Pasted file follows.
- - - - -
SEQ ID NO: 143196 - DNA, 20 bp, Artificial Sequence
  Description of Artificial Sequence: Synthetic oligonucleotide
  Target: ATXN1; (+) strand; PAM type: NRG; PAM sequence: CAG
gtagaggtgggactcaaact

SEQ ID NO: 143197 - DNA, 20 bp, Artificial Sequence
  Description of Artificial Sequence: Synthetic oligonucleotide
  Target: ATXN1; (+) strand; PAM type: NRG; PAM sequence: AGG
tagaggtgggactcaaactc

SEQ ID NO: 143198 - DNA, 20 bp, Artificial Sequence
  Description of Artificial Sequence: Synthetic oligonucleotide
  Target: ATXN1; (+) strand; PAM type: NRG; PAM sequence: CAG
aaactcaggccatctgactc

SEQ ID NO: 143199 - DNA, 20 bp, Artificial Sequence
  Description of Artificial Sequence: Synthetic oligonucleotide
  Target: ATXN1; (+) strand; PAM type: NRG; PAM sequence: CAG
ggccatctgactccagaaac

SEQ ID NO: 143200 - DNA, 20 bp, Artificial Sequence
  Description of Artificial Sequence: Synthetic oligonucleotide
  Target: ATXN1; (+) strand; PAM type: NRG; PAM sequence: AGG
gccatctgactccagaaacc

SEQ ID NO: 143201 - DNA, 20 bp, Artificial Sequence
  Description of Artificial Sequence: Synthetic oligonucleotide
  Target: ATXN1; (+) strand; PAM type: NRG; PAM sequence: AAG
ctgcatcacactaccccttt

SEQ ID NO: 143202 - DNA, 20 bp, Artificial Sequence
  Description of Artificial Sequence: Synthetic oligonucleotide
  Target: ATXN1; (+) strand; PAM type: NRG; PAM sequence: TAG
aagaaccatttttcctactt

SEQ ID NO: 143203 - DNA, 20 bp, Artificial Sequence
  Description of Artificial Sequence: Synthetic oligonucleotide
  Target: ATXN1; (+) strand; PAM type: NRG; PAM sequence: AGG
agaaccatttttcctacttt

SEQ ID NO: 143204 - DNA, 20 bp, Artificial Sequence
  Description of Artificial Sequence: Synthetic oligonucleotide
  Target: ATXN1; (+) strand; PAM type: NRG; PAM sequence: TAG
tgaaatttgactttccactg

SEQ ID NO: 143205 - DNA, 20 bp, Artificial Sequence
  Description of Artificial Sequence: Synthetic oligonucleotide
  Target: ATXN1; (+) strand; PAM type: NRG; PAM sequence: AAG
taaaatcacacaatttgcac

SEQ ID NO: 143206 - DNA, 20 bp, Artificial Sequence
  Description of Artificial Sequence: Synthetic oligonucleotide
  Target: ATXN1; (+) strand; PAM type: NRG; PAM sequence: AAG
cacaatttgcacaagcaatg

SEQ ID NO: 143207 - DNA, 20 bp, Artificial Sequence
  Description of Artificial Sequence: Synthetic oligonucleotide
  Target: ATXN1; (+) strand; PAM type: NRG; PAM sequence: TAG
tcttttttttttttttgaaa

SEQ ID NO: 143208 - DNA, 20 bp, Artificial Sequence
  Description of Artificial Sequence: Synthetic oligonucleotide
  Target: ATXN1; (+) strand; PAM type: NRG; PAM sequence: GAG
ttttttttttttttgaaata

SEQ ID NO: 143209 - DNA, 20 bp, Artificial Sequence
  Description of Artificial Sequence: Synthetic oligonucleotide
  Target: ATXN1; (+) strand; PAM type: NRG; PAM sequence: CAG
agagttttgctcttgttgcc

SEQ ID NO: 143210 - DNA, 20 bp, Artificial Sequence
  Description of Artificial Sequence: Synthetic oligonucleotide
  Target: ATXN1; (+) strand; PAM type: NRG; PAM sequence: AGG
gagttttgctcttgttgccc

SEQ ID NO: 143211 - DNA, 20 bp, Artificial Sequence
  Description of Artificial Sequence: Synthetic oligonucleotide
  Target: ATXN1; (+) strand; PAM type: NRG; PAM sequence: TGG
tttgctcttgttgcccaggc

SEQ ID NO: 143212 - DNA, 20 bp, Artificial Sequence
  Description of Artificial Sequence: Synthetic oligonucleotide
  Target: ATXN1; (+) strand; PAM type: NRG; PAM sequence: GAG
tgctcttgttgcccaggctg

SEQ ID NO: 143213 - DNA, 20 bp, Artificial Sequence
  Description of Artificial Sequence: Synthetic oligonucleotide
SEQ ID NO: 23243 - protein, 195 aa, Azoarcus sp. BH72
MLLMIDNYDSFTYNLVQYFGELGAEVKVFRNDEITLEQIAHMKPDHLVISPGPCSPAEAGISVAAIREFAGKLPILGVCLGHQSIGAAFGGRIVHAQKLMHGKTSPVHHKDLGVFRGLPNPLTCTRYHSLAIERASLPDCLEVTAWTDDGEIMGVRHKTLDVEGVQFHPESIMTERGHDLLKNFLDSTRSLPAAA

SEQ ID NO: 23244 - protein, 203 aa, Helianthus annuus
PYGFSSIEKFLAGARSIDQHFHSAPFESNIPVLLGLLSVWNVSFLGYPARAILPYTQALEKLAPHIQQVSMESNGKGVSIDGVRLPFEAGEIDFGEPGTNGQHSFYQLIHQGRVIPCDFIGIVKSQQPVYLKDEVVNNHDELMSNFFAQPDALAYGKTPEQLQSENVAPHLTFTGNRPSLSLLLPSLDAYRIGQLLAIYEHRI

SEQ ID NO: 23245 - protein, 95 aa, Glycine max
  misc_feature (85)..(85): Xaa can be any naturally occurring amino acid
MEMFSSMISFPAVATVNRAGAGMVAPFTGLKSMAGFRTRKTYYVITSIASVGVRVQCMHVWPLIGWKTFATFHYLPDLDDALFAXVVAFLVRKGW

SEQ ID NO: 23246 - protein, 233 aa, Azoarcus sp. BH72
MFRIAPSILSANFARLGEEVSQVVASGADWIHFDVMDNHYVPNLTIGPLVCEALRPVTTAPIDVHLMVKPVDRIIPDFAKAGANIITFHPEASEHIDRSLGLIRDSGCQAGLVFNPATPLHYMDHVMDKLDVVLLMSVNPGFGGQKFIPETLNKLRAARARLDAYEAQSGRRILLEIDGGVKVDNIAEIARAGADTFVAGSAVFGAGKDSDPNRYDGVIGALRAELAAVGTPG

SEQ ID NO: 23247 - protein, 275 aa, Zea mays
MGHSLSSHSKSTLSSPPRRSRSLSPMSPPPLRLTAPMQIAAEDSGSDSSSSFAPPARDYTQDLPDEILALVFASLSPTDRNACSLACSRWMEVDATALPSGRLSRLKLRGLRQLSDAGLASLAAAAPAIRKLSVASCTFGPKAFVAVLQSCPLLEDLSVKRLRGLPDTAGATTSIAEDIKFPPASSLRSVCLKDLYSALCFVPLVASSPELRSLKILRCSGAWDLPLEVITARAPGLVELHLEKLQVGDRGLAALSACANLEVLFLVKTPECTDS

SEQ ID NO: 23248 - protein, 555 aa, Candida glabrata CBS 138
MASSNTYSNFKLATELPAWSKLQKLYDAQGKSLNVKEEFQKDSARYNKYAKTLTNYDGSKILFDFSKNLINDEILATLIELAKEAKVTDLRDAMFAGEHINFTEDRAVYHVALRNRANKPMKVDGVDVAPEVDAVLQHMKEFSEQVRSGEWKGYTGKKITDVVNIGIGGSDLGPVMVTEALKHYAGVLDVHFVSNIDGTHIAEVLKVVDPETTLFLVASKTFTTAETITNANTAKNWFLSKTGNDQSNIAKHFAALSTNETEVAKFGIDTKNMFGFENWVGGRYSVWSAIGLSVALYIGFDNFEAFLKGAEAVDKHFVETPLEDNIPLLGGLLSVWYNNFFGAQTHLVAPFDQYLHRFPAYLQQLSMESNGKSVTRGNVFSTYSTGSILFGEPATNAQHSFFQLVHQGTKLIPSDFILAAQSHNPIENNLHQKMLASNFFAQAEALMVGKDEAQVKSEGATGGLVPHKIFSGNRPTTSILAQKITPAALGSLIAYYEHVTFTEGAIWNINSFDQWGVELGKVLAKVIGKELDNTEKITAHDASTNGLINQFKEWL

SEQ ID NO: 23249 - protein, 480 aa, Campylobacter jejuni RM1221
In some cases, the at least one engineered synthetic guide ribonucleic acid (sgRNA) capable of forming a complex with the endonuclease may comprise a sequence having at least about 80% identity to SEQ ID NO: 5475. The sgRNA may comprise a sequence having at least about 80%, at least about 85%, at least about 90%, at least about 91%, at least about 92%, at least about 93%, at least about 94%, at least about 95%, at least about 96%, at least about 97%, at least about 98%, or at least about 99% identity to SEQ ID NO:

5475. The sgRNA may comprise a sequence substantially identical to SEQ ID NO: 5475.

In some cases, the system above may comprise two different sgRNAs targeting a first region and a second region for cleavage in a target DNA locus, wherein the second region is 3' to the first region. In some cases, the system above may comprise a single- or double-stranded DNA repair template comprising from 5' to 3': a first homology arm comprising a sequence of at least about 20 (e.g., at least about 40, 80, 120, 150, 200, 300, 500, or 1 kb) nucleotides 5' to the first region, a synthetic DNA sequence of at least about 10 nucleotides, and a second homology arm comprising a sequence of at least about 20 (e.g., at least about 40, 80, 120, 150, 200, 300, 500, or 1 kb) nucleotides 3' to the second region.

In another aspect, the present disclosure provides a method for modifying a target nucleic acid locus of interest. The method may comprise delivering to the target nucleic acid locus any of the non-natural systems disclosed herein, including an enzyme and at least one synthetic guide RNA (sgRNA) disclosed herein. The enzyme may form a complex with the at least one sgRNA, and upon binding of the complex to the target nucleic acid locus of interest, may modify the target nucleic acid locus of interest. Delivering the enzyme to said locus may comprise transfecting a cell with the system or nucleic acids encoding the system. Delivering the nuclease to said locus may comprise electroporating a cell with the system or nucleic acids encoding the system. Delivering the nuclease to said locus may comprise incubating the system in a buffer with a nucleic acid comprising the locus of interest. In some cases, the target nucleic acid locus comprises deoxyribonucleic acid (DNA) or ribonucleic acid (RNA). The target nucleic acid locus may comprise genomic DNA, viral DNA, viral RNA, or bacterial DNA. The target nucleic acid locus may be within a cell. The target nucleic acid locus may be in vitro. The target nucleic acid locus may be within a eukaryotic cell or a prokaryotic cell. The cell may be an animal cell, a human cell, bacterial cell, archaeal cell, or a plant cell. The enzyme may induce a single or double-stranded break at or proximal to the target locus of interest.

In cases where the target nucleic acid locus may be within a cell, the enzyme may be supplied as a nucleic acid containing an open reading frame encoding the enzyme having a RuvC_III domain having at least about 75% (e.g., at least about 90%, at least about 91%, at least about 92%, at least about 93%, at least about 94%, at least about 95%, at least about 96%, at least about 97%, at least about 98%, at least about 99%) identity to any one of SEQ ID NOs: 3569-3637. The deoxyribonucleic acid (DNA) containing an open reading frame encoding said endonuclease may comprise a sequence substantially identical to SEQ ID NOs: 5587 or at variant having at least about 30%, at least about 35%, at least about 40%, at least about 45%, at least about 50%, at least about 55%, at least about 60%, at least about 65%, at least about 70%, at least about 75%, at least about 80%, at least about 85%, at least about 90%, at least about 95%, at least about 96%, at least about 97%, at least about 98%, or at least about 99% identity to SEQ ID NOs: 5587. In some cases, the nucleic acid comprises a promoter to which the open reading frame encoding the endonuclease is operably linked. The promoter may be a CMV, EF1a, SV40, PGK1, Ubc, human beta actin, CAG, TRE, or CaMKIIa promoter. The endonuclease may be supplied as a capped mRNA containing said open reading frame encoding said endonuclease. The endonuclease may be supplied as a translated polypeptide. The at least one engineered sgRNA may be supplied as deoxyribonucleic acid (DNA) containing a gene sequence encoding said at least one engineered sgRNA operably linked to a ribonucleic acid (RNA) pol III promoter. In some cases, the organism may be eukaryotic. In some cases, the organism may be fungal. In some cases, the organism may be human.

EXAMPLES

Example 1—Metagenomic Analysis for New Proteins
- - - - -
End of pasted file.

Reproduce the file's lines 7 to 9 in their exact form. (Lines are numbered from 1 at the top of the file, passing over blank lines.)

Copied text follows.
  Target: ATXN1; (+) strand; PAM type: NRG; PAM sequence: AGG
tagaggtgggactcaaactc

SEQ ID NO: 143198 - DNA, 20 bp, Artificial Sequence